Greetings, Shredderz! Today we’ve got a stunning Transition Era board for you. Pictured here is a Transition Era O’Neill Morning Star model that was recently listed for sale on eBay. You can find the original eBay listing here, which has more photos and a full description of the board. Sadly, the board is no longer for sale. I hope this classic Santa Cruz stick has since found its way to a good home.
As far as I know, the O’Neill Morning Star model isn’t a particularly famous surfboard. I have only seen one other one posted online, which you can find here on the great Island Trader Surf Shop website. Once upon a time Stoked-n-Board had a record of who shaped for the O’Neill label during this time, but sadly S-n-B has been defunct for years now. O’Neill is best known for its wetsuits, but it also produced surfboards during the earlier days of the brand. I’ve heard rumors that Phil Edwards shaped a few O’Neill longboards during the Sixties, but no one has been able to confirm that one way or another.
As you can see from the photos, the board is in ridiculous condition. According to the listing, the board is all original and was stored indoors for over fifty years. The listing dates the board back to 1968, and claims the board was given to a friend of the O’Neill family. The board is 8’6″ and no other dimensions were given.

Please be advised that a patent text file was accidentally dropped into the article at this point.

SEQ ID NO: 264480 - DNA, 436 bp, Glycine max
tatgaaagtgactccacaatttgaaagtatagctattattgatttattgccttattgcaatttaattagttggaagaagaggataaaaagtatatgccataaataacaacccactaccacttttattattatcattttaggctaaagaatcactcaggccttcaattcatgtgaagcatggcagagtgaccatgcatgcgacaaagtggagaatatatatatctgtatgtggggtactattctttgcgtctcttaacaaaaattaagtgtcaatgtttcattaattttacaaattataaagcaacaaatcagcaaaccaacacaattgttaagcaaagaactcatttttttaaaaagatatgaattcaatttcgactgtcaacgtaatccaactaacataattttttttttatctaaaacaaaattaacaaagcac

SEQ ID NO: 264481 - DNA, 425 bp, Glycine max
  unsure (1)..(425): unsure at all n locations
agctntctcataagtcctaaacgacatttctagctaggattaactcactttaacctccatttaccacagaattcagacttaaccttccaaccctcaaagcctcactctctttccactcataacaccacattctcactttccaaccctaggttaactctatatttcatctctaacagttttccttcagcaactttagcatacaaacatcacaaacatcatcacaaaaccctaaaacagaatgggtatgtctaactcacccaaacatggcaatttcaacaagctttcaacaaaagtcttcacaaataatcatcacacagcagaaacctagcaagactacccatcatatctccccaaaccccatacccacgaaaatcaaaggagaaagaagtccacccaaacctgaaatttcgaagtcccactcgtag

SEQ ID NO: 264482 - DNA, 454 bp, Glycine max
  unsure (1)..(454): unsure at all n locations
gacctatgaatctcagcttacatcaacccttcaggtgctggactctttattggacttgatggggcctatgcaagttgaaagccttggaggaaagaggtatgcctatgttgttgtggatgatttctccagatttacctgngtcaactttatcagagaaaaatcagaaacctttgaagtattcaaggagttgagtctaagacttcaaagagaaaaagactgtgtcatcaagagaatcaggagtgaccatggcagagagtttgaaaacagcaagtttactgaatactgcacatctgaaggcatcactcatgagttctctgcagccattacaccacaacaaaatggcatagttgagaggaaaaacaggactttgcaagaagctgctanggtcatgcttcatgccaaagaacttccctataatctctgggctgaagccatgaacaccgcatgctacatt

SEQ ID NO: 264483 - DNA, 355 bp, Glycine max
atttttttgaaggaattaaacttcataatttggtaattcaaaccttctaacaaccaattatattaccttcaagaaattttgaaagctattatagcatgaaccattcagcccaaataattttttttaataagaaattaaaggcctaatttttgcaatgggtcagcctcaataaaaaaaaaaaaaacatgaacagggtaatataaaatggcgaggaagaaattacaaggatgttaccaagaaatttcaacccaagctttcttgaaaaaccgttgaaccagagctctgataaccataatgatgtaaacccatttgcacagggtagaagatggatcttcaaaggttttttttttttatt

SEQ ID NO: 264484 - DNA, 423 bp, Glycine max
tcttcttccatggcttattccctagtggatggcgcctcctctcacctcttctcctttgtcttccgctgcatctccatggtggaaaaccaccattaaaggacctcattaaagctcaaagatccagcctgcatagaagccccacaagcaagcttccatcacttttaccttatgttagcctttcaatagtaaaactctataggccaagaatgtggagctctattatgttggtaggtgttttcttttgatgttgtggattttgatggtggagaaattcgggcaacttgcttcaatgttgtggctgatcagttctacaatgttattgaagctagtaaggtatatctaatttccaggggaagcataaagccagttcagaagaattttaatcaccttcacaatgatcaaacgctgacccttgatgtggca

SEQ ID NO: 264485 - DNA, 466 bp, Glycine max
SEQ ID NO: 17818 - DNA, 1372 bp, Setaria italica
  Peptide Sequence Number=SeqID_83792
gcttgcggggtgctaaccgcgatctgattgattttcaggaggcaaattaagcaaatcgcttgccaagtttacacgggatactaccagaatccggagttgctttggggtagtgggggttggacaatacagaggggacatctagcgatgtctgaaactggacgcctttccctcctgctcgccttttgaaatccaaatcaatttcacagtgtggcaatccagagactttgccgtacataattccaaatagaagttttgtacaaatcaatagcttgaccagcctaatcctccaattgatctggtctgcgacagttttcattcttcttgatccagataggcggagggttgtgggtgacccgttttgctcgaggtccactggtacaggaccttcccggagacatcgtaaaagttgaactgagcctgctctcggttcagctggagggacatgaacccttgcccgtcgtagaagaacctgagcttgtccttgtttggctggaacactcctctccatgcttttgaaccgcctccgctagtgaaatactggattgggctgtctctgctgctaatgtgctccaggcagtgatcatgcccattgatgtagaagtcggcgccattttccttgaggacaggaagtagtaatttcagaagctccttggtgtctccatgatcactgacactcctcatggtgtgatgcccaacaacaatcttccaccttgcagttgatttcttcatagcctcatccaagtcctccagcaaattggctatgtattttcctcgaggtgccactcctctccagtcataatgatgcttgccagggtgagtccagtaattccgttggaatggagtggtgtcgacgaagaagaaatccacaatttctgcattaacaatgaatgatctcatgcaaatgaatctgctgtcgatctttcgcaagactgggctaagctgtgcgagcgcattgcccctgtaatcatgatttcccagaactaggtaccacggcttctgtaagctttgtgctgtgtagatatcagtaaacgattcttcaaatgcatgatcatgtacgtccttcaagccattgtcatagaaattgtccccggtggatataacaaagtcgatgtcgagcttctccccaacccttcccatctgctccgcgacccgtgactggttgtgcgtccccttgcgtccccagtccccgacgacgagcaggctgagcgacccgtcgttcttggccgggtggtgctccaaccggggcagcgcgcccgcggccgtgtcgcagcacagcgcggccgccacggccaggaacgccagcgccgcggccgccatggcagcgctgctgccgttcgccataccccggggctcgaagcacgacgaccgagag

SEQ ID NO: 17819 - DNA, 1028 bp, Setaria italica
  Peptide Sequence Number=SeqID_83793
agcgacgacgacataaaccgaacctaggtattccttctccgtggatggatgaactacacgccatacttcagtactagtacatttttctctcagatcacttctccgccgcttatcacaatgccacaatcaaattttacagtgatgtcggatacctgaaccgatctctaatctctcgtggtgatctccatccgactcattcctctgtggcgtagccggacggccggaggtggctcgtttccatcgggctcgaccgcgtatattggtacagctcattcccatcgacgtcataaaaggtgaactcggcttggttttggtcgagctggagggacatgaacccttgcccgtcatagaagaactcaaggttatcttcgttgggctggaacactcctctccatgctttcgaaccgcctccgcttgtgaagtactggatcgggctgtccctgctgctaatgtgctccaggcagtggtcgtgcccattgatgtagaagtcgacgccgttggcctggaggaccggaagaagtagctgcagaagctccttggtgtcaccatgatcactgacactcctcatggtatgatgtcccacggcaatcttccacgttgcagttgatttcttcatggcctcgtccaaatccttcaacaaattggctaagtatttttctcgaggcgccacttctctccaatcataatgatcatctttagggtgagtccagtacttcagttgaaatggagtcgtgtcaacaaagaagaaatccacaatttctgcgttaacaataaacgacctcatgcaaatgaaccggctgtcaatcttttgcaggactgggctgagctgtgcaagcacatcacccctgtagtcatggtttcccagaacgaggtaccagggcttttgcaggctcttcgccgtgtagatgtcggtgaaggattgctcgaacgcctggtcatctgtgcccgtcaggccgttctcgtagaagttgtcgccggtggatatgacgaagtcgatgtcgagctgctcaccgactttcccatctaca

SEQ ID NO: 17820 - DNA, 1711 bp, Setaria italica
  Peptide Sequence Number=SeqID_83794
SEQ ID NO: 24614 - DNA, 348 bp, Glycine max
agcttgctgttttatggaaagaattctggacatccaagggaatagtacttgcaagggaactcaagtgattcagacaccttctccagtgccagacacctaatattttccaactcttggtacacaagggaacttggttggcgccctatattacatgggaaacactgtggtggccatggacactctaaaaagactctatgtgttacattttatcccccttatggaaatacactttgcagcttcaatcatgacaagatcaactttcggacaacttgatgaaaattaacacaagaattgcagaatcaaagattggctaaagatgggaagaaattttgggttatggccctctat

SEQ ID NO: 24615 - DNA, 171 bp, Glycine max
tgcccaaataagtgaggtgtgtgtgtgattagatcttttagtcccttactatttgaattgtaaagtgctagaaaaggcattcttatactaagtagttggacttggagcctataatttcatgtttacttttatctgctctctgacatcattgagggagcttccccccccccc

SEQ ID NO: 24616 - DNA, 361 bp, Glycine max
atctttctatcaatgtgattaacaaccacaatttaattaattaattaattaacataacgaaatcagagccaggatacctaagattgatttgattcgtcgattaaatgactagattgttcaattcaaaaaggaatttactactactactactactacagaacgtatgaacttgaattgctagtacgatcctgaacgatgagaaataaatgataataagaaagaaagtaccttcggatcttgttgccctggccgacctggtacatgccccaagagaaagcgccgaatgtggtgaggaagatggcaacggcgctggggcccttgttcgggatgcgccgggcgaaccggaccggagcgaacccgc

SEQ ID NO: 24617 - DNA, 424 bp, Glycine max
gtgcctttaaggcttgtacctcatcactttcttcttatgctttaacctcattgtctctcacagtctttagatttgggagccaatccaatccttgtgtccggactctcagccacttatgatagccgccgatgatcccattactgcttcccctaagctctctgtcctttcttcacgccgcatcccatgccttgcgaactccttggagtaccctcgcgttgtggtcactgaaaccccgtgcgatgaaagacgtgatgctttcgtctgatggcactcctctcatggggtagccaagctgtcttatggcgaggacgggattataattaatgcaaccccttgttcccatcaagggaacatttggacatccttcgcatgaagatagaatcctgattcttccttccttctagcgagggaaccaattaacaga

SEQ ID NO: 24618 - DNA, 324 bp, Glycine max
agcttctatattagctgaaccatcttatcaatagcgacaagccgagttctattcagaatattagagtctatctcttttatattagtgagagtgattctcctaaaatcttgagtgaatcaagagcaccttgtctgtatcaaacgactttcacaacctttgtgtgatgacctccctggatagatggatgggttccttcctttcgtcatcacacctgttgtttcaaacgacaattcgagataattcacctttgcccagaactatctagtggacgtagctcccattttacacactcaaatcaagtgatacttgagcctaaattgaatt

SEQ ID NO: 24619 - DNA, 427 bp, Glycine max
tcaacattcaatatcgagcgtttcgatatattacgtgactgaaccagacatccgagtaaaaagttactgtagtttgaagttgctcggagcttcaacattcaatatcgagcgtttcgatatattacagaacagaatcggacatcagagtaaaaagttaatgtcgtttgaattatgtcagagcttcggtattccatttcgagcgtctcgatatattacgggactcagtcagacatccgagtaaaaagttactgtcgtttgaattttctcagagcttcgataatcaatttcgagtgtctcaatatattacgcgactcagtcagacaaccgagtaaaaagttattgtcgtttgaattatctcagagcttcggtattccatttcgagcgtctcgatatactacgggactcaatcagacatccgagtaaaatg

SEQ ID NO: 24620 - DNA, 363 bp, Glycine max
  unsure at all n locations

The O’Neill Morning Star looks to be every bit a classic late Sixties Transition Era hull. I wish I could get a better idea of the rails, but it’s hard without being able to see the board in person. The description mentions a displacement hull belly on the bottom. Needless to say the seller took some fantastic photos of the board.
Last but not least, the O’Neill Morning Star model comes complete with a W.A.V.E. Set fin, which you would expect from a board in this era. Like the rest of the board, the fin is in spectacular condition, and the color just pops next to the classic Coke bottle green on the rest of the board. This board is definitely one of the most beautiful and well-preserved late Sixties sticks I’ve seen. Congratulations to whoever owns this beautiful piece of surfing history!